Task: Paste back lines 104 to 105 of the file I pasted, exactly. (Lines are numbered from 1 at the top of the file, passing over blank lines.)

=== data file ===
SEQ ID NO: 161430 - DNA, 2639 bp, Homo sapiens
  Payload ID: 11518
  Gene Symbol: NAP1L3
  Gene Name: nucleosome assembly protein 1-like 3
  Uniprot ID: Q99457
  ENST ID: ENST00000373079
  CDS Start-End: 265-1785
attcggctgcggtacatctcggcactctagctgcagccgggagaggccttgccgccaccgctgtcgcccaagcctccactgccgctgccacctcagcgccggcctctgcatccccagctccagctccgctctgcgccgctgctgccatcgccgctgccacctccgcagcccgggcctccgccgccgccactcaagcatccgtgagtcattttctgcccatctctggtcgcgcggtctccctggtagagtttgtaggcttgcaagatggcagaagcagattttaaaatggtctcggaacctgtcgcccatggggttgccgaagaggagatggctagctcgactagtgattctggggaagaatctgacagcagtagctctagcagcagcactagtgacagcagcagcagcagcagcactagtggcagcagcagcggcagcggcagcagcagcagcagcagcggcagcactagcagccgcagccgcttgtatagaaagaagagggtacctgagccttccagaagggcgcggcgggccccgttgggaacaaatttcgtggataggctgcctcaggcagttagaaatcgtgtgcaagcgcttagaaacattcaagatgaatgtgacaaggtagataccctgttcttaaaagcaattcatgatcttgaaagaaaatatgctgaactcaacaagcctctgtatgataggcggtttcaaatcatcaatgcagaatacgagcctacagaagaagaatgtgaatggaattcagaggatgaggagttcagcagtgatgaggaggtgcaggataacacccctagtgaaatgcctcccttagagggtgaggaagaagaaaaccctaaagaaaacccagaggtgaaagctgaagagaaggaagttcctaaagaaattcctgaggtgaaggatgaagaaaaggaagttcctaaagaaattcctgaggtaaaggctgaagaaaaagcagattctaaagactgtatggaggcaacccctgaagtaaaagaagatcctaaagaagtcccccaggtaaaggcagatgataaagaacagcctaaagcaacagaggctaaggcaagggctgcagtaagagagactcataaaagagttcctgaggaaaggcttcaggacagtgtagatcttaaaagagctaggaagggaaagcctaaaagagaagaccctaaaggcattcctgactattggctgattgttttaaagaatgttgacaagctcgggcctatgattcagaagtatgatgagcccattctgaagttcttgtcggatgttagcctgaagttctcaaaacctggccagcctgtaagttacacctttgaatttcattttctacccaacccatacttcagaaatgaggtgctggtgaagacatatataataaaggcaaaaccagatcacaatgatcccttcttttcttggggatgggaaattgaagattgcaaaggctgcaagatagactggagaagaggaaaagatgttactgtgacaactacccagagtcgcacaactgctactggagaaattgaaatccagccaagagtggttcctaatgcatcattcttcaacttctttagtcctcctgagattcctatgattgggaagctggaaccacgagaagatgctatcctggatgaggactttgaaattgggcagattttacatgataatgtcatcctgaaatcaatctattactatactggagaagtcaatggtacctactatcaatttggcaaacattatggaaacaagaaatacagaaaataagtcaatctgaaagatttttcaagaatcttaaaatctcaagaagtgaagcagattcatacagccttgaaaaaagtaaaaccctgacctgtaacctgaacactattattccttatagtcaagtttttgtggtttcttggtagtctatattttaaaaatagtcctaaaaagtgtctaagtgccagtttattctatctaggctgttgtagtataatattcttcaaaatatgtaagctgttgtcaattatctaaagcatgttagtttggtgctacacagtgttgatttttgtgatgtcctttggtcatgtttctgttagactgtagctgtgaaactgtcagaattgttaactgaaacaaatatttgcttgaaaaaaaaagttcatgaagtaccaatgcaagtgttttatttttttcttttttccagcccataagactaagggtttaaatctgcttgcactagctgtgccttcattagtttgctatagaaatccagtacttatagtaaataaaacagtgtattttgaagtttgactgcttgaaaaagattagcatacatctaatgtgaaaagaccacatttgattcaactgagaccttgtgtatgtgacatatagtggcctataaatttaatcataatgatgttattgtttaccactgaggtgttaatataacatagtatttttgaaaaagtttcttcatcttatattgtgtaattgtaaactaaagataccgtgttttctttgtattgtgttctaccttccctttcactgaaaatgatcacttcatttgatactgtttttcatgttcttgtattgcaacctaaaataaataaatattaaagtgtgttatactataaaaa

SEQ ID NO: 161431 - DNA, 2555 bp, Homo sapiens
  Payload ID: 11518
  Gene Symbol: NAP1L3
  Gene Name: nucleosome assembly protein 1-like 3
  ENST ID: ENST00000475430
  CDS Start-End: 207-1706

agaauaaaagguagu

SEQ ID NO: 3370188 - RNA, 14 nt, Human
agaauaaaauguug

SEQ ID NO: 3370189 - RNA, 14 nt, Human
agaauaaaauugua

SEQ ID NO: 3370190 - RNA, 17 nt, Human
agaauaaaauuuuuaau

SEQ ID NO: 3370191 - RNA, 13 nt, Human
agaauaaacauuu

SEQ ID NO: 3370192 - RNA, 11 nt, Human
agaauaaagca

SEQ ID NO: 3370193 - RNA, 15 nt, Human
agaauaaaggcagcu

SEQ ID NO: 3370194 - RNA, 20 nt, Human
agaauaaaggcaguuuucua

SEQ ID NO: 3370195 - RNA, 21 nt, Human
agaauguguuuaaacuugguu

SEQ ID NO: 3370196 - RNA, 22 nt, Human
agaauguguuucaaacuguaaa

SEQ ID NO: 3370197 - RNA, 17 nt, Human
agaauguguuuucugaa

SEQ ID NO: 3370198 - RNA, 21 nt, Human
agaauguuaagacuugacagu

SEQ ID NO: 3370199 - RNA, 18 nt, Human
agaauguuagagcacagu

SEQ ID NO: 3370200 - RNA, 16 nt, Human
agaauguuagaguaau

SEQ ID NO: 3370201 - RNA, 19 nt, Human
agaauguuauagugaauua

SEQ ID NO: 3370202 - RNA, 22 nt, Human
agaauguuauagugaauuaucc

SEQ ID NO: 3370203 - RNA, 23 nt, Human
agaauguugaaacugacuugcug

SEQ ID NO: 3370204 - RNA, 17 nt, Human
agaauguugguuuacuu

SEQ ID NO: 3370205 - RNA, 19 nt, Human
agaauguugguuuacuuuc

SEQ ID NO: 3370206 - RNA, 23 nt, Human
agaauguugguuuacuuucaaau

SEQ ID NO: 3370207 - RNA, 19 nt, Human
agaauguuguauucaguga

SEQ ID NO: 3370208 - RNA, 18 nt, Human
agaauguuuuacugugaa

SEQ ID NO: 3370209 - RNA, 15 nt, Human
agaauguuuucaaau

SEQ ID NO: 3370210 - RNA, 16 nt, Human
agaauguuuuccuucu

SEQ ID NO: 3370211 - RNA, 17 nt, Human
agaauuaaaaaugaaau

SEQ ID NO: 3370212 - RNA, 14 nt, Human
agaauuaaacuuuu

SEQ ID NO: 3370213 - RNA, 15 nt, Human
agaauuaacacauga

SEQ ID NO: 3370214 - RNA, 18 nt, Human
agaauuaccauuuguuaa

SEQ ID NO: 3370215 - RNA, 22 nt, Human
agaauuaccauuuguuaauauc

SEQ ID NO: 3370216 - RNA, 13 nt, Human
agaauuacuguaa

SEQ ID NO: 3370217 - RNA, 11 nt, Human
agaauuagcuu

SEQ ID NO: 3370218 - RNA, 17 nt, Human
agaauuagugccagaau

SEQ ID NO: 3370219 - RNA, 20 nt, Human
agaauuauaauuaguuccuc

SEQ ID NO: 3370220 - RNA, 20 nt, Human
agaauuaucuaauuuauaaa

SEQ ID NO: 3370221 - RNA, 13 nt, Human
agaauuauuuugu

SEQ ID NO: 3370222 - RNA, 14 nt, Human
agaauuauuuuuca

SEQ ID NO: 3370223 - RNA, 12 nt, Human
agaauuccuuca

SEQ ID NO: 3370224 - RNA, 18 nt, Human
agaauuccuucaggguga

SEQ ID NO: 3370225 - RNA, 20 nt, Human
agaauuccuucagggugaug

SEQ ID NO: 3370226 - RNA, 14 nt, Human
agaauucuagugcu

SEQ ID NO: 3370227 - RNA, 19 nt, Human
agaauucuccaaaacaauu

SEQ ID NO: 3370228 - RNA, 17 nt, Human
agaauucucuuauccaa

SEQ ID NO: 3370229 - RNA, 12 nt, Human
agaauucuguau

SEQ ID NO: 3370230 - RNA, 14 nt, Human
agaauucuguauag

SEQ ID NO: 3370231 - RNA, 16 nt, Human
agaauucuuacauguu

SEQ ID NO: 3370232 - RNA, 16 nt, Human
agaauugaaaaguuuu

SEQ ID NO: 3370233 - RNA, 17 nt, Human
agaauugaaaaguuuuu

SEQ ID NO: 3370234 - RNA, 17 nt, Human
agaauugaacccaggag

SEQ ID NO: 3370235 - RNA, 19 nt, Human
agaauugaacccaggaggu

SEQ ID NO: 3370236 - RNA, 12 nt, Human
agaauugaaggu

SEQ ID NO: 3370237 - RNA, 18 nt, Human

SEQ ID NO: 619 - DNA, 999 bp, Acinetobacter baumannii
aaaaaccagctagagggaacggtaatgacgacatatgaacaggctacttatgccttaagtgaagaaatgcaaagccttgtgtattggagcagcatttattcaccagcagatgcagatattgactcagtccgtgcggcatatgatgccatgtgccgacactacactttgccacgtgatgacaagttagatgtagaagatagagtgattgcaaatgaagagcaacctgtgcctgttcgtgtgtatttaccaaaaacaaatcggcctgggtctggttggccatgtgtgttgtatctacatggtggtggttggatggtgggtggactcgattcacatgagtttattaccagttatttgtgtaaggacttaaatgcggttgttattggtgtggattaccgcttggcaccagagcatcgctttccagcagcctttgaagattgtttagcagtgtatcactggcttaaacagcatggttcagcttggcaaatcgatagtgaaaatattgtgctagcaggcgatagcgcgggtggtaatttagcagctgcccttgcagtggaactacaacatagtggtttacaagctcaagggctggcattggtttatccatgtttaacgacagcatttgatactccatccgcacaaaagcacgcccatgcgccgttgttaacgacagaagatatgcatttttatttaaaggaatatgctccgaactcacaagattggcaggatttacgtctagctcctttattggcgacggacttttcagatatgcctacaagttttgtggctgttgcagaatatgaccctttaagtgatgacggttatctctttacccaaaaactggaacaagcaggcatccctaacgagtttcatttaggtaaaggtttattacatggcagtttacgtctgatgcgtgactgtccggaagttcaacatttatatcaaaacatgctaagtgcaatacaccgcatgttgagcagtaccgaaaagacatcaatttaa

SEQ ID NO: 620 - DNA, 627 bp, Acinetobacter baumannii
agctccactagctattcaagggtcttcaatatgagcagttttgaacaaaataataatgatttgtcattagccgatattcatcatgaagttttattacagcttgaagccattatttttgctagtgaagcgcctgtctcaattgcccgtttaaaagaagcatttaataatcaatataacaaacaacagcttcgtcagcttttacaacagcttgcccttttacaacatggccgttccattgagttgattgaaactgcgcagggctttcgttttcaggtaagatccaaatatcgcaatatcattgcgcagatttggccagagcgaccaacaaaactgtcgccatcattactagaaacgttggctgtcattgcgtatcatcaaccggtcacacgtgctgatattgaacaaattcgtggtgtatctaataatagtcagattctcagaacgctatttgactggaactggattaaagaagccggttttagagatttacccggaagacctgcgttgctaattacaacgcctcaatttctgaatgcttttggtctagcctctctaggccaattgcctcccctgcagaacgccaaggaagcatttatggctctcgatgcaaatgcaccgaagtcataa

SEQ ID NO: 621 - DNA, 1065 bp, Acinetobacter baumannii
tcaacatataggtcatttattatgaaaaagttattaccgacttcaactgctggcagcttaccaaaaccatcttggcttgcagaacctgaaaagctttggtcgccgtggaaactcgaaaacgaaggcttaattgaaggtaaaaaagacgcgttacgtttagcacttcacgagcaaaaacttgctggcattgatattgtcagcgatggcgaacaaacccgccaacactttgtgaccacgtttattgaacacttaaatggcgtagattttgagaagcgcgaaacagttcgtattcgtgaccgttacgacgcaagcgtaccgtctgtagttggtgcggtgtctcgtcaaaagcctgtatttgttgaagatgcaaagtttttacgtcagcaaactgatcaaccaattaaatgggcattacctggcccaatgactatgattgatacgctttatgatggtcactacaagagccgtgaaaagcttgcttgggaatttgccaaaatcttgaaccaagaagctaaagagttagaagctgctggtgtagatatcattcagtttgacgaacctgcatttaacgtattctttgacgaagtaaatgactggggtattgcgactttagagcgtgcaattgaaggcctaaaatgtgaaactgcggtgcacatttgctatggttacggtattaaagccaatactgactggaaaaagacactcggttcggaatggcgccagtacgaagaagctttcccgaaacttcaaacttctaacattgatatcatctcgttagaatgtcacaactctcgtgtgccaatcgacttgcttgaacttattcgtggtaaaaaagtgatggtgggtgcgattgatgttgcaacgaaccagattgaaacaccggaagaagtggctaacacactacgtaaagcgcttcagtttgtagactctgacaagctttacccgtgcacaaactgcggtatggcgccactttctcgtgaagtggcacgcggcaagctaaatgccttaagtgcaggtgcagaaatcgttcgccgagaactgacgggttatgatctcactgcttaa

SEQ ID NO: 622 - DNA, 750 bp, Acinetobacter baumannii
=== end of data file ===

SEQ ID NO: 3370232 - RNA, 16 nt, Human
agaauugaaaaguuuu